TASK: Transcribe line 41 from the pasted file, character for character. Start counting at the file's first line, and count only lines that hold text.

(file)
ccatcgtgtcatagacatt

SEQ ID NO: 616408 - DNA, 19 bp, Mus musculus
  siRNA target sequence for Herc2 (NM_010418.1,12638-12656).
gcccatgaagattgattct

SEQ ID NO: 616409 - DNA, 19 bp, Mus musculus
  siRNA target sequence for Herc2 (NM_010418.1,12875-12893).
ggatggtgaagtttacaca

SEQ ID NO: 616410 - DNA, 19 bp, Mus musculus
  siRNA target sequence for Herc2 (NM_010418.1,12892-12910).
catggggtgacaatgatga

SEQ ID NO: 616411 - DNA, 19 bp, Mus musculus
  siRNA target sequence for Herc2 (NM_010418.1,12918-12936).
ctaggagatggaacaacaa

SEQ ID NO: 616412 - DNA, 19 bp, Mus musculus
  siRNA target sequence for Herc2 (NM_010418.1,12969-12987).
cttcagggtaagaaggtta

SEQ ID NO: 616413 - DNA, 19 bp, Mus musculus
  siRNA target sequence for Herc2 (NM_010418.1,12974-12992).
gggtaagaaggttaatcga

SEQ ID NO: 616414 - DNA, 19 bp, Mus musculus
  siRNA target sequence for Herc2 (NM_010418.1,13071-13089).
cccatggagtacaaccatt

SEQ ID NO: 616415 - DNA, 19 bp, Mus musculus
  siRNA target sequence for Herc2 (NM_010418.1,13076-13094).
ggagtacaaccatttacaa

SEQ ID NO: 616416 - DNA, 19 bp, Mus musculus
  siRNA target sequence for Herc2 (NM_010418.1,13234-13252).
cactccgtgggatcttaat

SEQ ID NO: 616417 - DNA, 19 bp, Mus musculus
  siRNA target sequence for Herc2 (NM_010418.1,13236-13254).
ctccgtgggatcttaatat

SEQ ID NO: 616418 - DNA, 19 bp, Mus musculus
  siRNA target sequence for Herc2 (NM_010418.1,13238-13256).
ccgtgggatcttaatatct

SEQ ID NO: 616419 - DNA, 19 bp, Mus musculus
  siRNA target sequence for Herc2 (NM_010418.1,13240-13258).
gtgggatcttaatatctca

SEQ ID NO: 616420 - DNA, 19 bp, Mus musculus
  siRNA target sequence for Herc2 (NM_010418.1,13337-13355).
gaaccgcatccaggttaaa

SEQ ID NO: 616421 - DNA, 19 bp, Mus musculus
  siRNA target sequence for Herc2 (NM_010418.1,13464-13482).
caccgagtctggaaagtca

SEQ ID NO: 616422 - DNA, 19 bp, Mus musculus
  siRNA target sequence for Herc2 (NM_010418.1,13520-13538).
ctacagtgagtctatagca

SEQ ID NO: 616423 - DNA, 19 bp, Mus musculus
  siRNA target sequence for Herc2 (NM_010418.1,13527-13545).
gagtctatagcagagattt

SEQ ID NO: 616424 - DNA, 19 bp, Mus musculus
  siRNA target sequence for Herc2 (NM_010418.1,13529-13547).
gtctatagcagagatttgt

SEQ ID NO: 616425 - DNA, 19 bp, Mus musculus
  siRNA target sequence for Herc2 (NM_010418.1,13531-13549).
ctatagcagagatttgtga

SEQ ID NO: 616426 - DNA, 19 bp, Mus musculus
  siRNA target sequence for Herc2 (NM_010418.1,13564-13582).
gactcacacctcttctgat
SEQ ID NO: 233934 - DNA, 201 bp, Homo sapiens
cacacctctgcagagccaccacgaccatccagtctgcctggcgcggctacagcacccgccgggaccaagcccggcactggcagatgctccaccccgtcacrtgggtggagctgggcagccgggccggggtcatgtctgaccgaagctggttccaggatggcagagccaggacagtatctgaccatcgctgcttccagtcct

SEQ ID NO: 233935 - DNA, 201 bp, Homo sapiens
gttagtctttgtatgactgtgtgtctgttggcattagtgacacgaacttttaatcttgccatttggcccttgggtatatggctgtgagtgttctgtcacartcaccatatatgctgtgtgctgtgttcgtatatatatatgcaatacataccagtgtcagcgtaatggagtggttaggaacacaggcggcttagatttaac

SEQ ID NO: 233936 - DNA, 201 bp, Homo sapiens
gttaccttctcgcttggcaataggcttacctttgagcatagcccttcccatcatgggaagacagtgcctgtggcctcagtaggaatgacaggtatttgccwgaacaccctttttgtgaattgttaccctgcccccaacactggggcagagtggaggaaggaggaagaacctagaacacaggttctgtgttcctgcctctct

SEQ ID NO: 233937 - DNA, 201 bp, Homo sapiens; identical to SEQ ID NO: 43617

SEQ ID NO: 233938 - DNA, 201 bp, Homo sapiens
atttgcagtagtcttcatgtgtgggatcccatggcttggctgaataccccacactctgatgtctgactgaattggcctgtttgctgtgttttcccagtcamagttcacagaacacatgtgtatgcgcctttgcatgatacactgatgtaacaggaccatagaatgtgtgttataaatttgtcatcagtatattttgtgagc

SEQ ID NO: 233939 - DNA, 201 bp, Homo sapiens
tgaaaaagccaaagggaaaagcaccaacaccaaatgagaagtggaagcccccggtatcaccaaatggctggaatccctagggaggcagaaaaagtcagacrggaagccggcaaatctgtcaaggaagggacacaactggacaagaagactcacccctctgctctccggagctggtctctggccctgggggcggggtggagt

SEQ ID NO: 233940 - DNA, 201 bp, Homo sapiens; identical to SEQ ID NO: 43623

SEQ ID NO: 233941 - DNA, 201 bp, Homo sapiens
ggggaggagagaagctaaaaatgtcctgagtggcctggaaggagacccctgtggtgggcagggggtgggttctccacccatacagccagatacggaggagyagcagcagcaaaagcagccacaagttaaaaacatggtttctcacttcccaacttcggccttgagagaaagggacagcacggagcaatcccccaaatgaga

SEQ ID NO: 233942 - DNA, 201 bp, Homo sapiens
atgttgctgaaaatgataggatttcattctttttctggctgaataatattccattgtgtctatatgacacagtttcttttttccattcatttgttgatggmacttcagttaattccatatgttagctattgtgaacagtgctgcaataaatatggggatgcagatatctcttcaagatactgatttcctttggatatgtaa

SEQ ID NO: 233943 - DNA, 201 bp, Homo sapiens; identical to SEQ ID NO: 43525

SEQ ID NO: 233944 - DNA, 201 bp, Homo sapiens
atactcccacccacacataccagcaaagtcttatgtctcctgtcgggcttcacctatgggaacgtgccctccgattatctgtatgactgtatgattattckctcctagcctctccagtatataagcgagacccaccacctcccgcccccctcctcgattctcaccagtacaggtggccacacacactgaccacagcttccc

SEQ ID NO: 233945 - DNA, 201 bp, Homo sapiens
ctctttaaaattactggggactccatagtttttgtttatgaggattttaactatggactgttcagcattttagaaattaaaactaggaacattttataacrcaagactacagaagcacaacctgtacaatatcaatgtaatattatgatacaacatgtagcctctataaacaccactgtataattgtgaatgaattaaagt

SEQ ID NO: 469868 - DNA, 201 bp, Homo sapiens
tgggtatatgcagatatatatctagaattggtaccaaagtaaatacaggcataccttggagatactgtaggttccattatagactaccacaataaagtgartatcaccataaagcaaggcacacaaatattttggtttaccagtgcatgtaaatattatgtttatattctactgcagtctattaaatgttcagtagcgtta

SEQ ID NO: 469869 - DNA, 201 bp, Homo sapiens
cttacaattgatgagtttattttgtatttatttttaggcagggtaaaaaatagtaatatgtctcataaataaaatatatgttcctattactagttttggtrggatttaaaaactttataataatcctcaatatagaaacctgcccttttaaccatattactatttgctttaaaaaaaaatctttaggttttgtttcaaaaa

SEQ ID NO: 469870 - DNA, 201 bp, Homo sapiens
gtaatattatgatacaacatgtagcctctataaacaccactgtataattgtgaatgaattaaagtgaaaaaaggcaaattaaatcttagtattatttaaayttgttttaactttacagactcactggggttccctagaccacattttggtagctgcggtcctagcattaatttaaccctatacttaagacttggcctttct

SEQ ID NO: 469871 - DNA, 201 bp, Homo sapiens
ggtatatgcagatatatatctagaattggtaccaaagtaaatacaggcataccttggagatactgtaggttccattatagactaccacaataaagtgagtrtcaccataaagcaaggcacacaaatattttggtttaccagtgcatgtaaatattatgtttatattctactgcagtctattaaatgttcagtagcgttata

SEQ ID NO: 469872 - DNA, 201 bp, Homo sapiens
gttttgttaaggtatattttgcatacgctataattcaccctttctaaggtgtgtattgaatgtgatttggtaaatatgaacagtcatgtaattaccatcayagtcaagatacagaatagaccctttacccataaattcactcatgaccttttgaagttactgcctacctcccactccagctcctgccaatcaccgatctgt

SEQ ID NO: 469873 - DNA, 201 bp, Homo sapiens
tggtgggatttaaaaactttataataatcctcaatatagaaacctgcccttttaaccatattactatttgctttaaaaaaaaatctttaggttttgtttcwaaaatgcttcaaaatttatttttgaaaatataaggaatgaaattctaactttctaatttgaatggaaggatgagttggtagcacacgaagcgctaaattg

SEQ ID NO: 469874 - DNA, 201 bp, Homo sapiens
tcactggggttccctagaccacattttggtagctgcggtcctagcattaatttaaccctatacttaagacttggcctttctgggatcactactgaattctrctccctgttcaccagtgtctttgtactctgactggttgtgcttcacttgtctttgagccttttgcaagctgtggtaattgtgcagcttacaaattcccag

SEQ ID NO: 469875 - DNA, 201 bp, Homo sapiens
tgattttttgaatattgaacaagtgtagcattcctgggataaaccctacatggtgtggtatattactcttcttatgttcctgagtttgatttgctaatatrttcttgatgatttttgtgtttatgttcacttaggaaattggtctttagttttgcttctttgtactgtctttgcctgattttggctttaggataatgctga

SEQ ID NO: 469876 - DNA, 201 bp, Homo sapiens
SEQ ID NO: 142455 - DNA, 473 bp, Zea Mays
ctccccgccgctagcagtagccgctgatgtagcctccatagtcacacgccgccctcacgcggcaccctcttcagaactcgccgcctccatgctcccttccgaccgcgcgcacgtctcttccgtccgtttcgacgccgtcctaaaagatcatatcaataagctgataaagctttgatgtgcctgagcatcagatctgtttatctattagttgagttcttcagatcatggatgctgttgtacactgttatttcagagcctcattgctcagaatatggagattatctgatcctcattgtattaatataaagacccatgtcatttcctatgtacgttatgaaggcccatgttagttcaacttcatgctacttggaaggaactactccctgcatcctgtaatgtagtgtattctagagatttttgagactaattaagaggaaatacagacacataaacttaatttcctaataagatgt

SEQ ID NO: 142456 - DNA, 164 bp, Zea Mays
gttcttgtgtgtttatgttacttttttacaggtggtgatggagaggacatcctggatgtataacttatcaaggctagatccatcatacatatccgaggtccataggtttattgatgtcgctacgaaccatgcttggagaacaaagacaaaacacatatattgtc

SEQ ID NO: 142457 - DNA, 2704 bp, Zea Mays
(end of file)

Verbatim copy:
SEQ ID NO: 616421 - DNA, 19 bp, Mus musculus